• Can never have prosperity in the long-run • An increase in prosperity ???? increases amount of people and then prosperity falls because of diminishing marginal productivity
• “positive” checks on population
• War, disease, famine were preventative checks • Before industrial revolution, Malthusian model holds true
• Y = income (GDP)
• X = Land
• L =Labor
• r = rent
• w = wage
Y = rX + wL
• Diminishing marginal productivity
• Cobb-douglas specification
• Constant returns to scale
• Perfectly competitive markets
Under neoclassical model, TFP (total factor productivity) and land-labor ratio determine living standards
Increasing number of workers decreases living standards because of diminishing marginal productivity of each worker – average income per worker falls
If I grow TFP:
Spend productivity on—
1) Y ???? better living standard/ income per worker 2) More people (L/X population density)
3) Or some constant / spend productivity on both 1 and 2 but there’s a trade-off
Neo-classical model takeaways:
• Government, institutions, education, and technology all affect Y positively
• TFP also has a positive relationship with Y
-Be able to make predictions with the Malthusian model using graphs.
-Compare and contrast early-modern (before 1800) living standards within Europe.
• Living standards were low
• Demographic forces determined living standards (Income per capita) and living standards low • Technology did nothing for economic growth in the long-run
• Poverty was the natural calling
• Everyone was poor and would result to the subsistence level eventually
• Long-run economic growth was nearly impossible
• After Industrial revolution we get tech change, and increased living standards even though birth rates increase
• We get long-run economic growth and development • Malthusian model was wrong
• Living standards increase dramatically
-Compare and contrast early-modern living standards between Europe and Asia.
Living standards Europe:
• Poverty was natural order
• Standard of living was low
• Subsistence would always result
• Real wages didn’t reflect labor productivity • Institutional constraints
• Up until about 1688 (glorious revolution) living standards were low and Europe was stuck in the Malthusian trap
Living standards Asia:
• Declining dramatically, mainly due to the trade changing patterns brought about by Europe and Dutch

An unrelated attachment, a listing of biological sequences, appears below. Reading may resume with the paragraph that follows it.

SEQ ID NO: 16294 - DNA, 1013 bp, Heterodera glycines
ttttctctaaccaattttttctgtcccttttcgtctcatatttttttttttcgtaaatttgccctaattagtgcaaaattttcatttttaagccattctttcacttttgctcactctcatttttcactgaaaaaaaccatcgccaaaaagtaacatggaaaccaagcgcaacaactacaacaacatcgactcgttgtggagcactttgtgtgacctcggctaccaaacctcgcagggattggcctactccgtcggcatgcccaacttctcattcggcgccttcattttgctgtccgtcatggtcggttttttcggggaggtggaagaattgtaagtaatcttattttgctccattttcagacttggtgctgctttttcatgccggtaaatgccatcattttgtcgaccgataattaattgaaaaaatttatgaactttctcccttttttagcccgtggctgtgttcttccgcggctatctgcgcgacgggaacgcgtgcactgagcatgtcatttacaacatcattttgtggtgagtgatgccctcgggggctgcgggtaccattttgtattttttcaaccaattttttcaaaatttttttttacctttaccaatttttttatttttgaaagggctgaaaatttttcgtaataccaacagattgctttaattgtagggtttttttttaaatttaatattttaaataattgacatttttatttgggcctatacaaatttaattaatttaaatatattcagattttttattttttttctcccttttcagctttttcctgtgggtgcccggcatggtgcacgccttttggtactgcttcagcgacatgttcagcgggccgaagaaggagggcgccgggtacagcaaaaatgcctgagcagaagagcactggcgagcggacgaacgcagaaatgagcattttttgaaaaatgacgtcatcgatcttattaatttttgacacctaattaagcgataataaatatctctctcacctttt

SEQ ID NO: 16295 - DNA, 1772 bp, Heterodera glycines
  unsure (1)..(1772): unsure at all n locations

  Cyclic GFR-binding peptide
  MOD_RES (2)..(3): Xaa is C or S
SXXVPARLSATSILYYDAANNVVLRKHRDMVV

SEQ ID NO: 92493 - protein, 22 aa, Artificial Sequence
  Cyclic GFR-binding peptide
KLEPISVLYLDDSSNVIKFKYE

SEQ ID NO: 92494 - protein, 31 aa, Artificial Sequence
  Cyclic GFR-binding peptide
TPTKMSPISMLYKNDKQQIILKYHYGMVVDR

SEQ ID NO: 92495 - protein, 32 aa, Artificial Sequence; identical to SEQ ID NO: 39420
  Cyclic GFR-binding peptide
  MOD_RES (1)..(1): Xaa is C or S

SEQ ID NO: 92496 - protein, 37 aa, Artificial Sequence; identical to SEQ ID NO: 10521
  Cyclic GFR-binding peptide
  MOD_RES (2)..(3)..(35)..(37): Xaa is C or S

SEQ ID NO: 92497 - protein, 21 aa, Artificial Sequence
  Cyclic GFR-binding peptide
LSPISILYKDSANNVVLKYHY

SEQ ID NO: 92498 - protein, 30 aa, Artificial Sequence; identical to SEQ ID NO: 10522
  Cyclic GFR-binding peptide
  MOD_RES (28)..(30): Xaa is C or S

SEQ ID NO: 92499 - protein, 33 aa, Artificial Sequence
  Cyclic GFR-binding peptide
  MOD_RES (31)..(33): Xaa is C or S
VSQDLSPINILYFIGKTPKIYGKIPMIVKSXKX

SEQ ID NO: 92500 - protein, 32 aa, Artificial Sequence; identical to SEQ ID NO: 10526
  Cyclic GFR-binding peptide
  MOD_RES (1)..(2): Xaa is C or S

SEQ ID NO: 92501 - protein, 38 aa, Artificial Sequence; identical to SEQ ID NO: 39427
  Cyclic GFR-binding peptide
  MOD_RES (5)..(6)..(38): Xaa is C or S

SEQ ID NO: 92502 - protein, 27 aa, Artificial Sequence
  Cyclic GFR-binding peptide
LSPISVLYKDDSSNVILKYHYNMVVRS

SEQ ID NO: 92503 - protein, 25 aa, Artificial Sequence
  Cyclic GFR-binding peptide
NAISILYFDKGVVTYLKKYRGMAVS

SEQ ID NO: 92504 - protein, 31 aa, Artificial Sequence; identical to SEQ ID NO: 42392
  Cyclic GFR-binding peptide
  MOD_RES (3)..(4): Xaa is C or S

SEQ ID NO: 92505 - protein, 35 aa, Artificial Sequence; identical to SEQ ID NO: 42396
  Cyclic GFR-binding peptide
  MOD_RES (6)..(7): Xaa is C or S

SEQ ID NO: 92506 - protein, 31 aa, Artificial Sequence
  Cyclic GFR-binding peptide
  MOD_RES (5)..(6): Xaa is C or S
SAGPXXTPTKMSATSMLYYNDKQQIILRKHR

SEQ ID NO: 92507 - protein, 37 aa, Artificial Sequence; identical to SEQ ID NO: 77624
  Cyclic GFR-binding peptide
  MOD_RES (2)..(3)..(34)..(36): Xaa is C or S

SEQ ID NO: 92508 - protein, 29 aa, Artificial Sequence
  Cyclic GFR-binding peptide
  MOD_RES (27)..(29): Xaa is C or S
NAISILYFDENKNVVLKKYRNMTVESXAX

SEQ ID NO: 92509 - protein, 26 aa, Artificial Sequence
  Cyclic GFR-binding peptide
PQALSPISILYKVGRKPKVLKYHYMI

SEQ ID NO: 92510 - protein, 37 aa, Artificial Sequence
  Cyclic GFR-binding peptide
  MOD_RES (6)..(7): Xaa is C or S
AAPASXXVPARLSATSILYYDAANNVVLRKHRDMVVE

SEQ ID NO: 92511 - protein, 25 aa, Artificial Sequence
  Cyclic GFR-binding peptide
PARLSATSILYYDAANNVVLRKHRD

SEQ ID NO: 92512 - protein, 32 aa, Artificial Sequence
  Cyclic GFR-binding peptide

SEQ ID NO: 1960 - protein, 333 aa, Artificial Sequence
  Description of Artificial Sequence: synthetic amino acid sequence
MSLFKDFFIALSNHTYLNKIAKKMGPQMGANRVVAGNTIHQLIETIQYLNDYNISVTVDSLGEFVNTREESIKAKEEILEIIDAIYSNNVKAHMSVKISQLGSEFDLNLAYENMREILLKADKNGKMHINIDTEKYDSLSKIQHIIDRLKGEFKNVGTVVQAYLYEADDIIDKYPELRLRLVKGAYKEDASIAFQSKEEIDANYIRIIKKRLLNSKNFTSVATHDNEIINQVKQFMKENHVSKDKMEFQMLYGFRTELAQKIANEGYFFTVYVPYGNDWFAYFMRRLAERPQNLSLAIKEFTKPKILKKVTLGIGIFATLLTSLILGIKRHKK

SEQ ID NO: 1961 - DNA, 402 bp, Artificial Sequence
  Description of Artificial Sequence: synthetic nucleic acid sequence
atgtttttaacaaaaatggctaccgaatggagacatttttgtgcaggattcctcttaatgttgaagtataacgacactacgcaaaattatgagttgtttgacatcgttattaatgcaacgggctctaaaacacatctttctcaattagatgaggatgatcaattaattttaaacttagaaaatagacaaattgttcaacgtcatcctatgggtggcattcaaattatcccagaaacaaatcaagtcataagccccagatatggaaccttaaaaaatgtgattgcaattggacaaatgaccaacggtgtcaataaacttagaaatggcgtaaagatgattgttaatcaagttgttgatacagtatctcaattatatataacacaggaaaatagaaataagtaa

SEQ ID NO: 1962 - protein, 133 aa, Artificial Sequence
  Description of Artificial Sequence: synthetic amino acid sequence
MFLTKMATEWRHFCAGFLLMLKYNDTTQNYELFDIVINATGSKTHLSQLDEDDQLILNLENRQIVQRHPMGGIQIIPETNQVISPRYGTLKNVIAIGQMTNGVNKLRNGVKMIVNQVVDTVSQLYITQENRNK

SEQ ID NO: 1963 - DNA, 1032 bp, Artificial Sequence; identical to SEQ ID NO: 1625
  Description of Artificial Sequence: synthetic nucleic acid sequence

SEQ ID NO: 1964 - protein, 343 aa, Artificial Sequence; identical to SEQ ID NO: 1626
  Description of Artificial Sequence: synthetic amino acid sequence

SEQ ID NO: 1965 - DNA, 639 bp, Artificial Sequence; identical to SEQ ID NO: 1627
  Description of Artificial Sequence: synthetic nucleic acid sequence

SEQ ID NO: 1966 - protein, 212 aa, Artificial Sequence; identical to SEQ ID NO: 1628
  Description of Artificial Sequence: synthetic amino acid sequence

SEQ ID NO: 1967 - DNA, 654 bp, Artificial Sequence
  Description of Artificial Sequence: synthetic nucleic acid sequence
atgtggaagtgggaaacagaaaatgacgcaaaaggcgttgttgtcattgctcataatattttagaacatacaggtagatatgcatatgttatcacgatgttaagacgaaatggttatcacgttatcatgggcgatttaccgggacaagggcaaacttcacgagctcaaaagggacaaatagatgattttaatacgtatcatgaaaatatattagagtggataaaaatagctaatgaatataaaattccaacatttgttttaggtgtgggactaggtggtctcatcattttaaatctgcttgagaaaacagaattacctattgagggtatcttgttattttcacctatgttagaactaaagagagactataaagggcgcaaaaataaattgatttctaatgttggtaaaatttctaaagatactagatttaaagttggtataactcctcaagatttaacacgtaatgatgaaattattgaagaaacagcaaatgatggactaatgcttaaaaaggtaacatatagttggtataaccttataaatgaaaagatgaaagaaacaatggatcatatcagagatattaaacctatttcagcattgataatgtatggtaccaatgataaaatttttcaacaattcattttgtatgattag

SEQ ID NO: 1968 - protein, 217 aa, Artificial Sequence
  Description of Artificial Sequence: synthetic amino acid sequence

• Living standards also declined because of climate change
-Based on your reading of the economic history literature, if you were a policy advisor to a developing country, what policies would you suggest to encourage economic development and growth?
The policies I would suggest would be: secure property rights, I would also advise competitive markets, and I would also implement policies that promoted technological change and innovation
-What are the necessary pre-conditions for growth and development? Are any of these sufficient conditions for growth and development?
Property rights are necessary for growth and development
Clark argues that pre-modern political regimes are necessary for growth
Epstein says they’re not
-What are the roles of the following in explaining the “reversal of fortune” in early-modern Europe:
o Population Dynamics (Malthusian Trap)
• Malthusian trap is when a population gets roped into this trap where everyone stays at a subsistence level regardless of tech change and increases in living standards
• We go back to this idea that poverty is the natural order, there’s no way out
• The change was for the worse ???? more people, less land available ???? lowered living standards
(X/L) increases ???? Y increases
(X/L) decreases ???? Y decreases
(X/L) increases ???? (w/r) increases
Land labor ratio is central to the hypothesis & scarcity of workers
Create private property
Medieval period: Agriculture
• Commons: place where a piece of land where peasants, serfs, had rights to the land
(grazing, gathering and gleening)
• Very disorganized
• Overlapping jurisdictions
• Tragedy of the commons
• Highly inefficient
Reversal of fortune: the commons made living standards worse ???? free rider problem
• Enclosure movement takes commons & turns it into private property
• Increased agriculture productivity
English take over global trade
Trade ???? economic growth
Trade necessary for urbanization
Reversal of fortune: Development of trade allowed for growth through urbanization
o Representative Government
Prevents political power abuse
Reversal of fortune: Check power of government ???? pro-growth institutions & policies which may enhance growth in the long-run
Checks power ???? pro-growth institutions/policies ???? econ. Growth increased